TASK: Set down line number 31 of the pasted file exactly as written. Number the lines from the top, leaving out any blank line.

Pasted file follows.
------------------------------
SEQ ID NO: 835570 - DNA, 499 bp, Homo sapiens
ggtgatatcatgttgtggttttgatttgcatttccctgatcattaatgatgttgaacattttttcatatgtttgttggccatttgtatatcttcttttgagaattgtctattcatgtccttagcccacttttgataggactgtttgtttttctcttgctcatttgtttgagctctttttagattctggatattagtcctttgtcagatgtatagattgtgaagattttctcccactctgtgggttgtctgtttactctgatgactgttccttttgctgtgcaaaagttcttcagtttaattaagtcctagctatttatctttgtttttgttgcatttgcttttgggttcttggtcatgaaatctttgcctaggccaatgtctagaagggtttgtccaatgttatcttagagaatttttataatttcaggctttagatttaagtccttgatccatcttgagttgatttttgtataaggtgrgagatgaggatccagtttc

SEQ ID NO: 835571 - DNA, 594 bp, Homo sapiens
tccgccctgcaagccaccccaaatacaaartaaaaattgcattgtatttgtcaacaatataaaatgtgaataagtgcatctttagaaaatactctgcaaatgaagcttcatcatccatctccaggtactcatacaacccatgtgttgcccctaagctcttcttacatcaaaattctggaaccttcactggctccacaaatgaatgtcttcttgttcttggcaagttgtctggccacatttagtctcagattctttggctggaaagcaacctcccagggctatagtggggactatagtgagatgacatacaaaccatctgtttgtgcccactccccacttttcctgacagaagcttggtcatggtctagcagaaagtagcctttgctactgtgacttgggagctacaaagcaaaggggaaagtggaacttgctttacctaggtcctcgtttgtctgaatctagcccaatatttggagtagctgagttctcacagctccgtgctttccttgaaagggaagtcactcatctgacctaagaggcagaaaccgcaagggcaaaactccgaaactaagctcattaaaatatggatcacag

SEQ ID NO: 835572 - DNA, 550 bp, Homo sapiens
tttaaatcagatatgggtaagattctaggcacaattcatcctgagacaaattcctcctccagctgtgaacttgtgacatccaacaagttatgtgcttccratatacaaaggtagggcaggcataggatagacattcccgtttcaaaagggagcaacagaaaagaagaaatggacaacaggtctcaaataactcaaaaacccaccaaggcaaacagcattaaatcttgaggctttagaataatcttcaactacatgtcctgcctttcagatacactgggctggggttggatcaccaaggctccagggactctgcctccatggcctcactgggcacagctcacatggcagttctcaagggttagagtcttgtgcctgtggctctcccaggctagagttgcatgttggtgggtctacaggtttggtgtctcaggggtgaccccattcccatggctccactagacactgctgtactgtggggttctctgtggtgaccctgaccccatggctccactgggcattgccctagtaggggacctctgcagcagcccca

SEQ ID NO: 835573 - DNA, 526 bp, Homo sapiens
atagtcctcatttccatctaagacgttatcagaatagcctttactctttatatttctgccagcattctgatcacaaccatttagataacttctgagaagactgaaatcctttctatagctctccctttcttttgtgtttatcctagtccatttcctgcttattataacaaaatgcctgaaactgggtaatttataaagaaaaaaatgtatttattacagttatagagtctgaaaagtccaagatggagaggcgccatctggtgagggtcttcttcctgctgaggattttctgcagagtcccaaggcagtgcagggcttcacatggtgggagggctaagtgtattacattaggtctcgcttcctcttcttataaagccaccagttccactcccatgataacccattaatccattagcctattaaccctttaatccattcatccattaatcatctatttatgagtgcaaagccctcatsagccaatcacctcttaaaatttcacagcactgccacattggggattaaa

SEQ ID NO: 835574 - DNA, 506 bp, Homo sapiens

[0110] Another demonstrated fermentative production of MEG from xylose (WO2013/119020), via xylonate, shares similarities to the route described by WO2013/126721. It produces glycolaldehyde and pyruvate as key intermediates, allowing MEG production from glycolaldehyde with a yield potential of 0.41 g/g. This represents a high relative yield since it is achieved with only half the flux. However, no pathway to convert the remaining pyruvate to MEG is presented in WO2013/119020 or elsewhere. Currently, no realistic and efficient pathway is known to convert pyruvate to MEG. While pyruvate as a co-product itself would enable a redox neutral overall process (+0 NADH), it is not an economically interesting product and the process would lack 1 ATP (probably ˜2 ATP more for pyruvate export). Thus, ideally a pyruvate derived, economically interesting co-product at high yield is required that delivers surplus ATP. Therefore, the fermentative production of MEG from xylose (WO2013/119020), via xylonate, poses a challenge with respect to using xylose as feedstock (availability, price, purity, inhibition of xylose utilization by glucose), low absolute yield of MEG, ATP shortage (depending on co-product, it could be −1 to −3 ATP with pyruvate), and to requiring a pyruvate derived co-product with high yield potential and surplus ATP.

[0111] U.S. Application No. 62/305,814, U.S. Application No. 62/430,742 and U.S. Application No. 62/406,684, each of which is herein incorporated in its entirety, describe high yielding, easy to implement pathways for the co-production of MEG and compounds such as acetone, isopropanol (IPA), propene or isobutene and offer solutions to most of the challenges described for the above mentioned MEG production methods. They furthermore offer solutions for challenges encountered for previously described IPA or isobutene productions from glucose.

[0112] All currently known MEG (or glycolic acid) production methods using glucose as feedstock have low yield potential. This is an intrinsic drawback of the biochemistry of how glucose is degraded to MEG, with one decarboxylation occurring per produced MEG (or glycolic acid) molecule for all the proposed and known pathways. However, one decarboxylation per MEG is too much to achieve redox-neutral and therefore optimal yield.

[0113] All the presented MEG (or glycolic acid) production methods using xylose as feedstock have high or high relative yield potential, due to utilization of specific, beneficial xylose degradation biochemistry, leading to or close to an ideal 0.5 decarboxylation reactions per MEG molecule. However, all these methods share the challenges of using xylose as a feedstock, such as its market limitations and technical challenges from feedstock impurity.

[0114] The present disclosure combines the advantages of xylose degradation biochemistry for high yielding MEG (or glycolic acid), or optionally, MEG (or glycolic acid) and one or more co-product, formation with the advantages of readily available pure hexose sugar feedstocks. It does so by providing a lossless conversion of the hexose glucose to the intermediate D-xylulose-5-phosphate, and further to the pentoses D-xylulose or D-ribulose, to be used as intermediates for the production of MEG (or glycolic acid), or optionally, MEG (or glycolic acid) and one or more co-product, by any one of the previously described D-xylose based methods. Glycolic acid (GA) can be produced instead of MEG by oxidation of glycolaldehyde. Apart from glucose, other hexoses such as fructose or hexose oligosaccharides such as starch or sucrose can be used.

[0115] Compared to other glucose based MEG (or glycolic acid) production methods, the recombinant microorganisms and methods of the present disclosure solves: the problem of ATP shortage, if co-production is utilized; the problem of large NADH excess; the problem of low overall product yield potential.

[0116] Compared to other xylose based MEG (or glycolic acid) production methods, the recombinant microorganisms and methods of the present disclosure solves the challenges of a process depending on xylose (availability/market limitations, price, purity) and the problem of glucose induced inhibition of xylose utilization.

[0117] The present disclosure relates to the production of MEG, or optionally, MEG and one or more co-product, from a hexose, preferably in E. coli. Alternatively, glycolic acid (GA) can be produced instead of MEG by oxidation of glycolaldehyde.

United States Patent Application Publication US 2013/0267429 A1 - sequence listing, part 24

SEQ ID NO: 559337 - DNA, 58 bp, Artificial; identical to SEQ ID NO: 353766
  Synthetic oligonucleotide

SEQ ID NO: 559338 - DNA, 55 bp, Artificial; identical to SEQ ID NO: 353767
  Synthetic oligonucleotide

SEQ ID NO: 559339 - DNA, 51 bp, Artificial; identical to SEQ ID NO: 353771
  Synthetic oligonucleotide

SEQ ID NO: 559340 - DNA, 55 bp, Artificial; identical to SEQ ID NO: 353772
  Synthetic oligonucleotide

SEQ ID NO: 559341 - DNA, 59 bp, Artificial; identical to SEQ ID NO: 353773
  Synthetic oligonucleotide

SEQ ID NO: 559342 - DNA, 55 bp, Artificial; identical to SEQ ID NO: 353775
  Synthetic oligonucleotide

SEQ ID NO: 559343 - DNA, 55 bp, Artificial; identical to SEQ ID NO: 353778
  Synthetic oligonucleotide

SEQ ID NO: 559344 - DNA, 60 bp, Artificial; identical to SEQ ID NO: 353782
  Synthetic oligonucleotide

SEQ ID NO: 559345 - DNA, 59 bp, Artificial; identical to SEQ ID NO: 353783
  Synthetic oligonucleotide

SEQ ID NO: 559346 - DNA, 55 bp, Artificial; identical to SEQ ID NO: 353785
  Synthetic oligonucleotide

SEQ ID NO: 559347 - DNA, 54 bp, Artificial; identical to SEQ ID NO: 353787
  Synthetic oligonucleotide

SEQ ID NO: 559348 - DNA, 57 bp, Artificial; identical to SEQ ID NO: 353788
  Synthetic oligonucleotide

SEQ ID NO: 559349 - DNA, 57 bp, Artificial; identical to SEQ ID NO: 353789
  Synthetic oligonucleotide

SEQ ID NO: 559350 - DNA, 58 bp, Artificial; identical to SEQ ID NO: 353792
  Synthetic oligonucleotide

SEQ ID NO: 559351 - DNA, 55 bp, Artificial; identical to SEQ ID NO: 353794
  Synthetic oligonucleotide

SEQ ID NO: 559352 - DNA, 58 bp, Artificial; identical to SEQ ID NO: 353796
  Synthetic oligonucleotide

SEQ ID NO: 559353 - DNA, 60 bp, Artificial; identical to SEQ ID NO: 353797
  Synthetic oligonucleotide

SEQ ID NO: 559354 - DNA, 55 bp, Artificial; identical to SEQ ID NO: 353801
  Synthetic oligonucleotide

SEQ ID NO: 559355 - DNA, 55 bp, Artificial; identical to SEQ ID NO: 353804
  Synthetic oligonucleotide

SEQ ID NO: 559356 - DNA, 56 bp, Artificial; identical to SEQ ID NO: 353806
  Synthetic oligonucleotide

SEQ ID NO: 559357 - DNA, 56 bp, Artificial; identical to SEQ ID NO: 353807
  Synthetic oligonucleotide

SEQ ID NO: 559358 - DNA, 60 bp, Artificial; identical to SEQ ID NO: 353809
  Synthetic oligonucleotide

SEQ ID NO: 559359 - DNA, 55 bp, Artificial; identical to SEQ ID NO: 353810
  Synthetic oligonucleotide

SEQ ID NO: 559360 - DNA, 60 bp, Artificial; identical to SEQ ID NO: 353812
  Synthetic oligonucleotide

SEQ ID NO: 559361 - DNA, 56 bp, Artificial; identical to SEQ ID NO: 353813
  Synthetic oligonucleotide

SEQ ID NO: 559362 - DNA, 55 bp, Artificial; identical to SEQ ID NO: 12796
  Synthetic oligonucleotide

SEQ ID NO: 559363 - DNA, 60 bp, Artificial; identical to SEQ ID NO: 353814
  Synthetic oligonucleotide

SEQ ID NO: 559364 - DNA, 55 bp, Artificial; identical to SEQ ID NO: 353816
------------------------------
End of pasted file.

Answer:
SEQ ID NO: 559343 - DNA, 55 bp, Artificial; identical to SEQ ID NO: 353778